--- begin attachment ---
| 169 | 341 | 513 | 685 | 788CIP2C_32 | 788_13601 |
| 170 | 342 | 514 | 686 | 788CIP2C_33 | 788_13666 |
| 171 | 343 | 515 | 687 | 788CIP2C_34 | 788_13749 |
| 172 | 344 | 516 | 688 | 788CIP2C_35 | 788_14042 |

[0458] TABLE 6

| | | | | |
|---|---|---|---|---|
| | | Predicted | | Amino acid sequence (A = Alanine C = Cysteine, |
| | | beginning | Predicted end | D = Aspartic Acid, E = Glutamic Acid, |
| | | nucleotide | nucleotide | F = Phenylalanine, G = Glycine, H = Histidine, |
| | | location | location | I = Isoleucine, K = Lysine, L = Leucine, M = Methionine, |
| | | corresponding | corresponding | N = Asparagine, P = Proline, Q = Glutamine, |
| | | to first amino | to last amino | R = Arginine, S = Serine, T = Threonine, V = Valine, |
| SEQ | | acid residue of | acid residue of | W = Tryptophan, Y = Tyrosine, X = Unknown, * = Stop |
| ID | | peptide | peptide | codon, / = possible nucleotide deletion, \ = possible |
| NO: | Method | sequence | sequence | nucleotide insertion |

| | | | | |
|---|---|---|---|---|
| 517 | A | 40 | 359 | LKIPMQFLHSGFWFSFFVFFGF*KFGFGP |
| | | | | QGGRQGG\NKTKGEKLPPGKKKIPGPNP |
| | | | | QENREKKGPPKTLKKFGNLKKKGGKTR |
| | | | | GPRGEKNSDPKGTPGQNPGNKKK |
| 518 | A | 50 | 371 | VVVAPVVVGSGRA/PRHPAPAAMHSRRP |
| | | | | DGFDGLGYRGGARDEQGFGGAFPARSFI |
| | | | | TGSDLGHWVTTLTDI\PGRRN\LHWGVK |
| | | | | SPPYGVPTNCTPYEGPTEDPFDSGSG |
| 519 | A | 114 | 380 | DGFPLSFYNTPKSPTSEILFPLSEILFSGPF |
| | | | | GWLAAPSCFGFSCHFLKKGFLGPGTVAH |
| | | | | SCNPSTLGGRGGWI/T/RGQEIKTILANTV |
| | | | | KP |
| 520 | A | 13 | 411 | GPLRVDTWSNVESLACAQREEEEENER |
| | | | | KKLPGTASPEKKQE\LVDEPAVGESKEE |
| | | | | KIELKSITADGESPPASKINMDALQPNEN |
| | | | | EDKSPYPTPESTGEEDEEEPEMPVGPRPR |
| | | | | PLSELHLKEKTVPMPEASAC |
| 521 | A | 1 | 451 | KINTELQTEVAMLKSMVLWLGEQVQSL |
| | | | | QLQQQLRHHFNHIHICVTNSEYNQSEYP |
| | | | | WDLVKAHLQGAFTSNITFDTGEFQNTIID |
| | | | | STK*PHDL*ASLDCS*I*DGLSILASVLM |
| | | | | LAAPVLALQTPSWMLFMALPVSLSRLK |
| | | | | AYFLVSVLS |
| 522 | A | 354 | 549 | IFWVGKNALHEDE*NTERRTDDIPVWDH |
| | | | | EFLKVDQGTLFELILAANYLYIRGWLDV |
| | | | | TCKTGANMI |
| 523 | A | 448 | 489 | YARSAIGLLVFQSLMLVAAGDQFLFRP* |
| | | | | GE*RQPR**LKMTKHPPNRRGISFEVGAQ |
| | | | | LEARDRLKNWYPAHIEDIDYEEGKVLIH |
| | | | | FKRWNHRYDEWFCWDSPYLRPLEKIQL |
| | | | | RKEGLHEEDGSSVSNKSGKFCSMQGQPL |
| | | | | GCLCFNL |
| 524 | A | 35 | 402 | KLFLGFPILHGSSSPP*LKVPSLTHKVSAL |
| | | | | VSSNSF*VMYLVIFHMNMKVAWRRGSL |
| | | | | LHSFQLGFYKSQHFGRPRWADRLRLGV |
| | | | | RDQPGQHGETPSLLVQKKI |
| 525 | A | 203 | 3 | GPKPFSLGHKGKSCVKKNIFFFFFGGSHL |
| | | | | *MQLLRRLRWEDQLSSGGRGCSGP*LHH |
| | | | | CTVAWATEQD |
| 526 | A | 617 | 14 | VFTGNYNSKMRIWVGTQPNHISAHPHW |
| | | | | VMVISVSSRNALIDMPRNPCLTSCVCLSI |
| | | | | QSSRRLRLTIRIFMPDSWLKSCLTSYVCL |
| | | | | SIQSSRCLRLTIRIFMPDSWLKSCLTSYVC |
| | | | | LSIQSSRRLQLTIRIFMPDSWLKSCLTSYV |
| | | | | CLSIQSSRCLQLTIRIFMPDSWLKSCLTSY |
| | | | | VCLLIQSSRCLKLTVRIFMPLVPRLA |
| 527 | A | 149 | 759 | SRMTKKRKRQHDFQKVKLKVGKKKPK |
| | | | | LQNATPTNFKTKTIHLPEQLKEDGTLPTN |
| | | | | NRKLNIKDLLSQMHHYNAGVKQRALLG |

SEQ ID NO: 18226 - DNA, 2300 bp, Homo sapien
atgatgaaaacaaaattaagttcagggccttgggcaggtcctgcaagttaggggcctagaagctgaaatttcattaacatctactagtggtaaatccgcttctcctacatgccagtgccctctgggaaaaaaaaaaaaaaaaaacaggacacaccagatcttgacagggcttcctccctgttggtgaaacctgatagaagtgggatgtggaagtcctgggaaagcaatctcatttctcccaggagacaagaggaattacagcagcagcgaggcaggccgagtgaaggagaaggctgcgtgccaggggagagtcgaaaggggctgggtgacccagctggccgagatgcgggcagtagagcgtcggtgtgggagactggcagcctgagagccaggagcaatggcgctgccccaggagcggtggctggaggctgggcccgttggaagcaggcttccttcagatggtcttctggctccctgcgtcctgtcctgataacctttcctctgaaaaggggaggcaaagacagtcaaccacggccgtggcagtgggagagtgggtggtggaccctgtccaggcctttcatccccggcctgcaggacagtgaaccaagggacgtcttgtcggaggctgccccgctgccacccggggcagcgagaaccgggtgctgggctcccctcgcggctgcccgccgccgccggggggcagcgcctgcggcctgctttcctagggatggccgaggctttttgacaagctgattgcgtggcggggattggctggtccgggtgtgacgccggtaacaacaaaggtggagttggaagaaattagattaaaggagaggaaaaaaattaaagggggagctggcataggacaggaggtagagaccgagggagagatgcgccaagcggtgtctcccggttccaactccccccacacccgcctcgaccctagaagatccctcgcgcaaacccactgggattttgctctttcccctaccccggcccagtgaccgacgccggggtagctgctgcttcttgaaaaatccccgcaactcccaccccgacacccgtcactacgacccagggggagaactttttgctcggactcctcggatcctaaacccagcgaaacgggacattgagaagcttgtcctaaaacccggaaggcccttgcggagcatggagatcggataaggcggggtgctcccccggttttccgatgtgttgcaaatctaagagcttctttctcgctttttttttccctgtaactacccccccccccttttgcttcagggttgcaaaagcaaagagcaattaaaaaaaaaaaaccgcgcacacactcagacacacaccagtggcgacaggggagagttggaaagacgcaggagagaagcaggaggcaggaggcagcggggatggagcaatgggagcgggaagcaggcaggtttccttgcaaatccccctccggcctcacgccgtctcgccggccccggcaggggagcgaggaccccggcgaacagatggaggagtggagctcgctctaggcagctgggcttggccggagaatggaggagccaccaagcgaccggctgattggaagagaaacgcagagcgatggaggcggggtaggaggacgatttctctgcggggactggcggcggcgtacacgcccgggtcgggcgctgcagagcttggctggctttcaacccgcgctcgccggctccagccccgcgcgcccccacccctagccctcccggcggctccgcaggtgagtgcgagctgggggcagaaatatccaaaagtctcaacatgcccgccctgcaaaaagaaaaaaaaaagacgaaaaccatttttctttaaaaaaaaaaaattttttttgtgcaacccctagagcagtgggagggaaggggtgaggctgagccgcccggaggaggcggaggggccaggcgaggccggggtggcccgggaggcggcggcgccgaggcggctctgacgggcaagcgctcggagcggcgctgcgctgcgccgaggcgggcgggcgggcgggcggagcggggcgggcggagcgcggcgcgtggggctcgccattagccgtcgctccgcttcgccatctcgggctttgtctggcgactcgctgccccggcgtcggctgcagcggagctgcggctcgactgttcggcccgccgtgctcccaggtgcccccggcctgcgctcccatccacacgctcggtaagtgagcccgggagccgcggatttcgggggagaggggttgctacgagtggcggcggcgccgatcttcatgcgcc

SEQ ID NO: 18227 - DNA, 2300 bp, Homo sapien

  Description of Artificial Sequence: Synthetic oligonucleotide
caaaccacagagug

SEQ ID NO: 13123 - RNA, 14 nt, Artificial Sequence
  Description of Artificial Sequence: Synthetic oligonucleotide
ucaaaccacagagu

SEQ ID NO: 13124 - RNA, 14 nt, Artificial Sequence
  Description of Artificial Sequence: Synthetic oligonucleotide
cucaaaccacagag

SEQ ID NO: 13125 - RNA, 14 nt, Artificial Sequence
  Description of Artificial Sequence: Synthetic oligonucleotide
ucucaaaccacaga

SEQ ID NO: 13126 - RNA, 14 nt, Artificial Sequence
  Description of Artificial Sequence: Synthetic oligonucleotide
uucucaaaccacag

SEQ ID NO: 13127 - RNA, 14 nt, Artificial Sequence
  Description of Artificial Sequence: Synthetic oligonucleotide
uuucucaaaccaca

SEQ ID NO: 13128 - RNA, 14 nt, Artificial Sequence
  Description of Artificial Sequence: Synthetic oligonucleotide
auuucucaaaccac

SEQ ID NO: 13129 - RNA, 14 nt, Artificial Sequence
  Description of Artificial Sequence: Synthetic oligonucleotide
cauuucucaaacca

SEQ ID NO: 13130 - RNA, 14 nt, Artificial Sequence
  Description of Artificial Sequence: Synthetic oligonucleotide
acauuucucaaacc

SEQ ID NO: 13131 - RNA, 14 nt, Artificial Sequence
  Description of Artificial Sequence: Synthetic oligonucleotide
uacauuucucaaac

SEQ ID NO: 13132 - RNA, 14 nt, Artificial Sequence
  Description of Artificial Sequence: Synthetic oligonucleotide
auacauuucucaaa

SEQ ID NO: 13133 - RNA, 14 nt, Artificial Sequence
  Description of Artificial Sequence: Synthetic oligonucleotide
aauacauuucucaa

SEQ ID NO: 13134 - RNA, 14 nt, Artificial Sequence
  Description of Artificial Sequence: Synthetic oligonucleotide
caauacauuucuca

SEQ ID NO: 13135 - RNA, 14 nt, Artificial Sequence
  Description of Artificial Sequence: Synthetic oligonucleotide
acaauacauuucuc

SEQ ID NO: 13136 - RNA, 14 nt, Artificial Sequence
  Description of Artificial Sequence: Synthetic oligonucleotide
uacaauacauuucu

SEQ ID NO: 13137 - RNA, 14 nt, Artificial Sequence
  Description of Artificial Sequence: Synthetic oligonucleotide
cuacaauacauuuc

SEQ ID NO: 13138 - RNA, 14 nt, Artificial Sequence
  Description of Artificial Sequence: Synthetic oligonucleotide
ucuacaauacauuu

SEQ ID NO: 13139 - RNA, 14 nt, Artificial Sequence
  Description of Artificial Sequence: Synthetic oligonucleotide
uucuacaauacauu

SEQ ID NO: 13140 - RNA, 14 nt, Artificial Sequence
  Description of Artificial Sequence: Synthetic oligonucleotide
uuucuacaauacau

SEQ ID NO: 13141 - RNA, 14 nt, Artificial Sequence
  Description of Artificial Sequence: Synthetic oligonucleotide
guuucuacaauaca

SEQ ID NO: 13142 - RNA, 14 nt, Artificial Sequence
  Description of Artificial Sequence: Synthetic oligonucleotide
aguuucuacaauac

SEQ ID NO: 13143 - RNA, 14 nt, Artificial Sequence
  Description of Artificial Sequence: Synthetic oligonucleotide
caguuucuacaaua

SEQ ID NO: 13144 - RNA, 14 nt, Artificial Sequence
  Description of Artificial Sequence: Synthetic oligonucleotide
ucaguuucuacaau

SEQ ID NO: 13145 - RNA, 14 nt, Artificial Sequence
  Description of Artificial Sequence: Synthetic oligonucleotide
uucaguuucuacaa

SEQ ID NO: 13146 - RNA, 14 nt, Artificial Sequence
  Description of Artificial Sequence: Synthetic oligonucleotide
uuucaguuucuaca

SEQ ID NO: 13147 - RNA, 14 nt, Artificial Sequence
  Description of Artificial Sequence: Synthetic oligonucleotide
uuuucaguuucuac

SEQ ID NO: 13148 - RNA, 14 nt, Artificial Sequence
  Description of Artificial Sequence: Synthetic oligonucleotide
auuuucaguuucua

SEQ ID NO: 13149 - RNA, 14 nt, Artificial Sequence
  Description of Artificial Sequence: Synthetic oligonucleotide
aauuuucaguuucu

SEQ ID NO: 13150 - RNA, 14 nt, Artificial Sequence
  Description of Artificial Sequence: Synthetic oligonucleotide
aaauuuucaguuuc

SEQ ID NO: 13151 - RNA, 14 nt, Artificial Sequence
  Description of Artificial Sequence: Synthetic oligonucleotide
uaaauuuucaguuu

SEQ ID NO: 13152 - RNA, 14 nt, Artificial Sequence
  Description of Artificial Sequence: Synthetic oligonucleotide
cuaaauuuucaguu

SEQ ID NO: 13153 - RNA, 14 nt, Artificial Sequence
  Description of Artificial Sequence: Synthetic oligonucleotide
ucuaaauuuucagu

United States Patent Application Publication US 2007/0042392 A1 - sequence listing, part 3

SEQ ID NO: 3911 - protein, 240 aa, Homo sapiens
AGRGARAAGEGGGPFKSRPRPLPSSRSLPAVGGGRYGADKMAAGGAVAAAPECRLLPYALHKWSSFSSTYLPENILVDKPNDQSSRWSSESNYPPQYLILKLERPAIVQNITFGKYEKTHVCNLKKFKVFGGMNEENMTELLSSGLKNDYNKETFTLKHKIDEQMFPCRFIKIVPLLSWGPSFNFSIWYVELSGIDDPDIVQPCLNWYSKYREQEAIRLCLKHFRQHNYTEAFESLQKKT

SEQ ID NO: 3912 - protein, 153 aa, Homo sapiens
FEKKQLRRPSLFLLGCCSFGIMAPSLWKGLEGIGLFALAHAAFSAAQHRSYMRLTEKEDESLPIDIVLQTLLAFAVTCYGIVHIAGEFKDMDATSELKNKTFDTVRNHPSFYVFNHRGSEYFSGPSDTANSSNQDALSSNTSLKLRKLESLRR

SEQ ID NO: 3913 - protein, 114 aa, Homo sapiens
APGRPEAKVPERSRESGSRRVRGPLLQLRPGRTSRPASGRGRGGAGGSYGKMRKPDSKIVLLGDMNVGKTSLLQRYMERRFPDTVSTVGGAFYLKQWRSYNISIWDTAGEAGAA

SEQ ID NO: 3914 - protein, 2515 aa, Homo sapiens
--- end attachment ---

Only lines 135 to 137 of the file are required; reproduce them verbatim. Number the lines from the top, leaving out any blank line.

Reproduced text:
caguuucuacaaua

SEQ ID NO: 13144 - RNA, 14 nt, Artificial Sequence
  Description of Artificial Sequence: Synthetic oligonucleotide